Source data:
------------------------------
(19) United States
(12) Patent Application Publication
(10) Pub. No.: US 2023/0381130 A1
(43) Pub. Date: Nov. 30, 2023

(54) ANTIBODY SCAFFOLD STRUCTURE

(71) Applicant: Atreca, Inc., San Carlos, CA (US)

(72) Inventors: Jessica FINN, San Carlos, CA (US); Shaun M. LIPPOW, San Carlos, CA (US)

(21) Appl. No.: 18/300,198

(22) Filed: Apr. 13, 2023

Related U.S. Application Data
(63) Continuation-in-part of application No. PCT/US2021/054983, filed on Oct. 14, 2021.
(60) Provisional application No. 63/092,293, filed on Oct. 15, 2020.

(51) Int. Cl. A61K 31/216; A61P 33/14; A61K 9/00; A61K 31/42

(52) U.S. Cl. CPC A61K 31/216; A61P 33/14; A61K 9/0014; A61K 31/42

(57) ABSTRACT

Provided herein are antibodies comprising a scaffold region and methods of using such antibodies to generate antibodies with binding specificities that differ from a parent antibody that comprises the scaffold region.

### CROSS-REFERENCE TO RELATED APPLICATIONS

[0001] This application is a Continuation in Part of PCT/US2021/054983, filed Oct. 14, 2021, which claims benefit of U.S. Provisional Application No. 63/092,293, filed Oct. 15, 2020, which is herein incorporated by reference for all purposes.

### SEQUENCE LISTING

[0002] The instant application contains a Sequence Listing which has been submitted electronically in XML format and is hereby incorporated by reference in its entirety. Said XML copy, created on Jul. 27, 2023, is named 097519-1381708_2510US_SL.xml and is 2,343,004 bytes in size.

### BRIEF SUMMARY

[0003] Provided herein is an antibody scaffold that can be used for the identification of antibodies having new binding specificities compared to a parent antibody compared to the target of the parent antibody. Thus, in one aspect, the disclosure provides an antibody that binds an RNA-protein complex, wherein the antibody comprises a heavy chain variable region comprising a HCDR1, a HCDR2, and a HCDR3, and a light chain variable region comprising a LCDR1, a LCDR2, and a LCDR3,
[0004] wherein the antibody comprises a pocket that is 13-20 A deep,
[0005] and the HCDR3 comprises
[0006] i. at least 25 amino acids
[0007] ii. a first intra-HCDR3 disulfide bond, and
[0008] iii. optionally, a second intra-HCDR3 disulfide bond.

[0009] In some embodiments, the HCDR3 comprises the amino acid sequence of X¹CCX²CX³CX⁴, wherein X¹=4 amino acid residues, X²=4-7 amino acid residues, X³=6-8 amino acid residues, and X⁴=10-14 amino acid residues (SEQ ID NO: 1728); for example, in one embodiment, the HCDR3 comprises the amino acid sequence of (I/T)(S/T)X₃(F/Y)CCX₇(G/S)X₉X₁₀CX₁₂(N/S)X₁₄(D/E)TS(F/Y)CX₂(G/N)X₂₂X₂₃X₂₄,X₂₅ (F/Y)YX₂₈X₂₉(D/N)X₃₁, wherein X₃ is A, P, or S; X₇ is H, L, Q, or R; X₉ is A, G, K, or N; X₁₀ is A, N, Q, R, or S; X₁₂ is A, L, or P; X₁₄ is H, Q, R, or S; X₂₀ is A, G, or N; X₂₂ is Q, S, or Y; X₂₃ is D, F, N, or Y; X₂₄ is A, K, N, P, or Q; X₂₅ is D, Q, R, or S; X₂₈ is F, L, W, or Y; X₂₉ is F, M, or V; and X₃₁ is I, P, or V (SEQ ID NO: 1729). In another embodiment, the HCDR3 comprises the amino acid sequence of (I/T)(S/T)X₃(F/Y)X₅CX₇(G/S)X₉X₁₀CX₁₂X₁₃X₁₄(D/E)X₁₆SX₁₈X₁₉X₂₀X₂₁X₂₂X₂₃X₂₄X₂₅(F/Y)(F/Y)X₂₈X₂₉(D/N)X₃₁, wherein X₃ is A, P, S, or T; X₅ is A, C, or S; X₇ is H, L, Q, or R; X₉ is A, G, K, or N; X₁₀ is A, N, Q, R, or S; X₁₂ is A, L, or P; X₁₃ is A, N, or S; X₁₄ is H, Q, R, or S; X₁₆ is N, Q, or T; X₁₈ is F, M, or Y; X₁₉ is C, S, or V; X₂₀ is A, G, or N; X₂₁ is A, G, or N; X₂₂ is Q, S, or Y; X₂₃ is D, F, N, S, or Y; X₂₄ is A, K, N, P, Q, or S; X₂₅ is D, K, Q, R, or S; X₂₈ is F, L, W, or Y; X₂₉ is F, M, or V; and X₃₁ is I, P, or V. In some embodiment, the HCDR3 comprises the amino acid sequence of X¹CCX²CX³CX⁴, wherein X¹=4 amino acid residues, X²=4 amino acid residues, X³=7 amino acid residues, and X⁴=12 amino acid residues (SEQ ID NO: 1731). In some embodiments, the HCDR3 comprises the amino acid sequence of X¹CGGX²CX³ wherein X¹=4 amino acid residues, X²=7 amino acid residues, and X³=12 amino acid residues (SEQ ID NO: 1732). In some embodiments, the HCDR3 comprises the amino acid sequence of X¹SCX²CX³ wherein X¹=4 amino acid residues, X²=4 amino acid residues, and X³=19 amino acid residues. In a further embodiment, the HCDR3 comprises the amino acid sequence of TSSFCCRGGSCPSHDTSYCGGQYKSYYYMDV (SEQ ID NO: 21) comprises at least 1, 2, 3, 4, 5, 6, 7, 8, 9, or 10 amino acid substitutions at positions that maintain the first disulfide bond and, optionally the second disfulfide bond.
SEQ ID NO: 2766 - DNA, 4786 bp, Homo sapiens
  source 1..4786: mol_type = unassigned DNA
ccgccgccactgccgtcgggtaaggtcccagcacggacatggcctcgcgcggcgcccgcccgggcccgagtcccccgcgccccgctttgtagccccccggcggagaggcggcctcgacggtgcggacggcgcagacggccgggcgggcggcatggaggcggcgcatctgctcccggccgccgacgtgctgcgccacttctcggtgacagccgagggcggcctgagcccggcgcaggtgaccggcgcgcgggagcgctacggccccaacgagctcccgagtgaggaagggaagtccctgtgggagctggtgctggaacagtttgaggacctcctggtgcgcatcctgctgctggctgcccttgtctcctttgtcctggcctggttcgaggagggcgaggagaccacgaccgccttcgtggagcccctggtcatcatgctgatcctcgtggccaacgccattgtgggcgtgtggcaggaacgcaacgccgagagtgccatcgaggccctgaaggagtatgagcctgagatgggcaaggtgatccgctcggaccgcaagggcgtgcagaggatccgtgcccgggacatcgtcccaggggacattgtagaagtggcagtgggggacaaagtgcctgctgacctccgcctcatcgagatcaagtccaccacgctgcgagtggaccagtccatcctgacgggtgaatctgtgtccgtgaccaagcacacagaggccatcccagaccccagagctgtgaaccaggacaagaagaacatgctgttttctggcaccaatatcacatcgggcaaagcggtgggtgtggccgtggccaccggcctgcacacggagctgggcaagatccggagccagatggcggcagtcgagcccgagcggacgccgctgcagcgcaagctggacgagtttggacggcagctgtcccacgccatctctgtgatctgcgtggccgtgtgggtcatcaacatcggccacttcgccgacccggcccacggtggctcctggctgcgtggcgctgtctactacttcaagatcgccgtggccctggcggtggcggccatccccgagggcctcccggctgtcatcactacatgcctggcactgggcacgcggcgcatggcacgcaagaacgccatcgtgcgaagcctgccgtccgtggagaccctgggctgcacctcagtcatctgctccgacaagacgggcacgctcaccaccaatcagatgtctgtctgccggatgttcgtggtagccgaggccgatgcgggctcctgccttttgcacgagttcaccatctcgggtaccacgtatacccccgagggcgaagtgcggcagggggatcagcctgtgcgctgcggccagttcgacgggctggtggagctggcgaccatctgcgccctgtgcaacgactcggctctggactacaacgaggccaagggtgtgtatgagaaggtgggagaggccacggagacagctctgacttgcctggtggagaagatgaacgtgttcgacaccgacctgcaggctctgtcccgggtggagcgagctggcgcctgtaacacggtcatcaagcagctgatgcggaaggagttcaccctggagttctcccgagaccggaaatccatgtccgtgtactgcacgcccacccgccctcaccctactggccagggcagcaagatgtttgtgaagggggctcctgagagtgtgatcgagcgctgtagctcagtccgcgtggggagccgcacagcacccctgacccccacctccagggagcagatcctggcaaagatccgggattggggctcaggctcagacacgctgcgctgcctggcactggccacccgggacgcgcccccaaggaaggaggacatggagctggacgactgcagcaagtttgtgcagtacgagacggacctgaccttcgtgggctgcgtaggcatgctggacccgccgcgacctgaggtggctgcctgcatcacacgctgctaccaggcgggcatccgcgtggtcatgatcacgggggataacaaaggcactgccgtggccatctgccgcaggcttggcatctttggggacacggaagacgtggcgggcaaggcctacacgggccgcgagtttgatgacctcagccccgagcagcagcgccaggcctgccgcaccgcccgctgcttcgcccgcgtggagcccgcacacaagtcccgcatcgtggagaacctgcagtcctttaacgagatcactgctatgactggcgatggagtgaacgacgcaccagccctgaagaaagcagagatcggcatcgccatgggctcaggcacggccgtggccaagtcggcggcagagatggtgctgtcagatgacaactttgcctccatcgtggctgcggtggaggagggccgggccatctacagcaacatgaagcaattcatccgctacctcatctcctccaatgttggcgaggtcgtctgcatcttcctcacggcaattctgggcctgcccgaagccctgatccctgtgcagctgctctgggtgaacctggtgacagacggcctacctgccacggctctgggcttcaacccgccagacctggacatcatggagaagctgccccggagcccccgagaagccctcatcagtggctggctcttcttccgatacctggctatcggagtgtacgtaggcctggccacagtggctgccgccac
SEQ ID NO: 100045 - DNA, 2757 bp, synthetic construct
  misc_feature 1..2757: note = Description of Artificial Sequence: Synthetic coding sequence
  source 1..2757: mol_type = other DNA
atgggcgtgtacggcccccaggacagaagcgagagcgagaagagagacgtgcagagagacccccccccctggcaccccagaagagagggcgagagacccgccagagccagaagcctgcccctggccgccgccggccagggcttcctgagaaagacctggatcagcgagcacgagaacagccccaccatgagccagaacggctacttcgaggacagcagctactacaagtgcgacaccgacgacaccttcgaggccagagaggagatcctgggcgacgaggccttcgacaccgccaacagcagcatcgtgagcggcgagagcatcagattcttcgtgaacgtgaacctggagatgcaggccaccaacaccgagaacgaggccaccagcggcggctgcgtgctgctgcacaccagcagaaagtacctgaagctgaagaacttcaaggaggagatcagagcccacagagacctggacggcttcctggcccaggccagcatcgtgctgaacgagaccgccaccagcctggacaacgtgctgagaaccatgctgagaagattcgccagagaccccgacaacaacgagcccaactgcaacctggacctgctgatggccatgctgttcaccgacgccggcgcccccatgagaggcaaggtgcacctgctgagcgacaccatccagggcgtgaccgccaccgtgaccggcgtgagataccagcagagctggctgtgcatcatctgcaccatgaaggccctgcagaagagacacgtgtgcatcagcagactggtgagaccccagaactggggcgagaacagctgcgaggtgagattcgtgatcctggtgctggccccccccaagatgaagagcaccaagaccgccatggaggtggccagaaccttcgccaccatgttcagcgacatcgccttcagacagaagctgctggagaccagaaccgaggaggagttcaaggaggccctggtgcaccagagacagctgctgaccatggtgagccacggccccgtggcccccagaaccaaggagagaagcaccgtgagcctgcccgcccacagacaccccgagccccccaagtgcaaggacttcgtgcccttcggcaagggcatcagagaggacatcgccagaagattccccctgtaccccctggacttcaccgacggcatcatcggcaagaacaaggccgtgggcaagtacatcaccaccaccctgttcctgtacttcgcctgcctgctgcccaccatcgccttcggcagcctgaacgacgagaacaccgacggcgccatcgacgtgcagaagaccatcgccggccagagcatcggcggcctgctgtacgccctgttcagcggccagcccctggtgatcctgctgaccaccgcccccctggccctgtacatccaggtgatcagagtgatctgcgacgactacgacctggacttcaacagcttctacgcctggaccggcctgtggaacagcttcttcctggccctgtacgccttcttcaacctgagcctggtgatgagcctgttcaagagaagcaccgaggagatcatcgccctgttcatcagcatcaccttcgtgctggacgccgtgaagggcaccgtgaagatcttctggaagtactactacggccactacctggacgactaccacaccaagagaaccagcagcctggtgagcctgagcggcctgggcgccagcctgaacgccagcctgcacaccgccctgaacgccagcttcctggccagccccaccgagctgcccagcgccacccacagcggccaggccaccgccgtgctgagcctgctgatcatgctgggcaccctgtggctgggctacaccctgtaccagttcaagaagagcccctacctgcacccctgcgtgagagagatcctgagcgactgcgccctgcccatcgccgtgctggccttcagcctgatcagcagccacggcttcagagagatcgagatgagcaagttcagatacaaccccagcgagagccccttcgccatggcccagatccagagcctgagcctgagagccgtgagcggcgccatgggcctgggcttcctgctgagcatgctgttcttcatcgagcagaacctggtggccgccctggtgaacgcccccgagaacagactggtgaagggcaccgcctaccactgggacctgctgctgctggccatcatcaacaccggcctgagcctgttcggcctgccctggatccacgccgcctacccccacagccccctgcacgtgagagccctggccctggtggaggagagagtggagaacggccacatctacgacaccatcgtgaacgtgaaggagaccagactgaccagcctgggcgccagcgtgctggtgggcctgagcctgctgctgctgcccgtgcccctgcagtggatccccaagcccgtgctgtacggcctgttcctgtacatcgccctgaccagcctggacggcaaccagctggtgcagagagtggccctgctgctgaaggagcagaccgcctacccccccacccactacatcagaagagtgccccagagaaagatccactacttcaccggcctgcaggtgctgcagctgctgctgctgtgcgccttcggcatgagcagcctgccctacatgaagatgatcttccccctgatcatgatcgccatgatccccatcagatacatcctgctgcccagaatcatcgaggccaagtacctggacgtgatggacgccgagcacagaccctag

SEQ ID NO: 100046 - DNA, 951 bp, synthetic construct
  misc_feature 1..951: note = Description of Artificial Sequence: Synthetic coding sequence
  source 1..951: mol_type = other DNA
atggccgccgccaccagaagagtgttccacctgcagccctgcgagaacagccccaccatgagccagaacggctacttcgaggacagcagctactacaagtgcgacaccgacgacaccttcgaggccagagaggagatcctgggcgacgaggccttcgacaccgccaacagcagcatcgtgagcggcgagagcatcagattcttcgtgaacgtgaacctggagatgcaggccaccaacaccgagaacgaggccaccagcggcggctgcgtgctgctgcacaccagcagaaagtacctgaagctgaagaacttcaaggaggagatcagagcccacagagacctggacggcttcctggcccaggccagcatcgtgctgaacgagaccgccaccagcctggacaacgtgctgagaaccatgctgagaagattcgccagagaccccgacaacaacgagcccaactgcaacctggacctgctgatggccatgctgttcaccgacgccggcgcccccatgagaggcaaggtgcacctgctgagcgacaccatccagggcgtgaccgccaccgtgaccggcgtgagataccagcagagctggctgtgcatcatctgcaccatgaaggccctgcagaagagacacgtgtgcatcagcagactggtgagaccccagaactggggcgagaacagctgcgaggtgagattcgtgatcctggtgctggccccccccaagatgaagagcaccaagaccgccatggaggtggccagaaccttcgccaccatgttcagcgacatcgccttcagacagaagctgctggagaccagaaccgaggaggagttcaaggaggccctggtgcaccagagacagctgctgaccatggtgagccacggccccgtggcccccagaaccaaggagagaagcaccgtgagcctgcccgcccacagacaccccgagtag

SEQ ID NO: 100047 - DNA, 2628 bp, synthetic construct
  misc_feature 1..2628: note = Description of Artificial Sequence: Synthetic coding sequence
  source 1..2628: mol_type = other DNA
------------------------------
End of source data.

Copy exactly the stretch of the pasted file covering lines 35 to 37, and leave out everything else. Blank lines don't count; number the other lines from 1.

atgggcgtgtacggcccccaggacagaagcgagagcgagaagagagacgtgcagagagacccccccccctggcaccccagaagagagggcgagagacccgccagagccagaagcctgcccctggccgccgccggccagggcttcctgagaaagacctggatcagcgagcacgagaacagccccaccatgagccagaacggctacttcgaggacagcagctactacaagtgcgacaccgacgacaccttcgaggccagagaggagatcctgggcgacgaggccttcgacaccgccaacagcagcatcgtgagcggcgagagcatcagattcttcgtgaacgtgaacctggagatgcaggccaccaacaccgagaacgaggccaccagcggcggctgcgtgctgctgcacaccagcagaaagtacctgaagctgaagaacttcaaggaggagatcagagcccacagagacctggacggcttcctggcccaggccagcatcgtgctgaacgagaccgccaccagcctggacaacgtgctgagaaccatgctgagaagattcgccagagaccccgacaacaacgagcccaactgcaacctggacctgctgatggccatgctgttcaccgacgccggcgcccccatgagaggcaaggtgcacctgctgagcgacaccatccagggcgtgaccgccaccgtgaccggcgtgagataccagcagagctggctgtgcatcatctgcaccatgaaggccctgcagaagagacacgtgtgcatcagcagactggtgagaccccagaactggggcgagaacagctgcgaggtgagattcgtgatcctggtgctggccccccccaagatgaagagcaccaagaccgccatggaggtggccagaaccttcgccaccatgttcagcgacatcgccttcagacagaagctgctggagaccagaaccgaggaggagttcaaggaggccctggtgcaccagagacagctgctgaccatggtgagccacggccccgtggcccccagaaccaaggagagaagcaccgtgagcctgcccgcccacagacaccccgagccccccaagtgcaaggacttcgtgcccttcggcaagggcatcagagaggacatcgccagaagattccccctgtaccccctggacttcaccgacggcatcatcggcaagaacaaggccgtgggcaagtacatcaccaccaccctgttcctgtacttcgcctgcctgctgcccaccatcgccttcggcagcctgaacgacgagaacaccgacggcgccatcgacgtgcagaagaccatcgccggccagagcatcggcggcctgctgtacgccctgttcagcggccagcccctggtgatcctgctgaccaccgcccccctggccctgtacatccaggtgatcagagtgatctgcgacgactacgacctggacttcaacagcttctacgcctggaccggcctgtggaacagcttcttcctggccctgtacgccttcttcaacctgagcctggtgatgagcctgttcaagagaagcaccgaggagatcatcgccctgttcatcagcatcaccttcgtgctggacgccgtgaagggcaccgtgaagatcttctggaagtactactacggccactacctggacgactaccacaccaagagaaccagcagcctggtgagcctgagcggcctgggcgccagcctgaacgccagcctgcacaccgccctgaacgccagcttcctggccagccccaccgagctgcccagcgccacccacagcggccaggccaccgccgtgctgagcctgctgatcatgctgggcaccctgtggctgggctacaccctgtaccagttcaagaagagcccctacctgcacccctgcgtgagagagatcctgagcgactgcgccctgcccatcgccgtgctggccttcagcctgatcagcagccacggcttcagagagatcgagatgagcaagttcagatacaaccccagcgagagccccttcgccatggcccagatccagagcctgagcctgagagccgtgagcggcgccatgggcctgggcttcctgctgagcatgctgttcttcatcgagcagaacctggtggccgccctggtgaacgcccccgagaacagactggtgaagggcaccgcctaccactgggacctgctgctgctggccatcatcaacaccggcctgagcctgttcggcctgccctggatccacgccgcctacccccacagccccctgcacgtgagagccctggccctggtggaggagagagtggagaacggccacatctacgacaccatcgtgaacgtgaaggagaccagactgaccagcctgggcgccagcgtgctggtgggcctgagcctgctgctgctgcccgtgcccctgcagtggatccccaagcccgtgctgtacggcctgttcctgtacatcgccctgaccagcctggacggcaaccagctggtgcagagagtggccctgctgctgaaggagcagaccgcctacccccccacccactacatcagaagagtgccccagagaaagatccactacttcaccggcctgcaggtgctgcagctgctgctgctgtgcgccttcggcatgagcagcctgccctacatgaagatgatcttccccctgatcatgatcgccatgatccccatcagatacatcctgctgcccagaatcatcgaggccaagtacctggacgtgatggacgccgagcacagaccctag

SEQ ID NO: 100046 - DNA, 951 bp, synthetic construct
  misc_feature 1..951: note = Description of Artificial Sequence: Synthetic coding sequence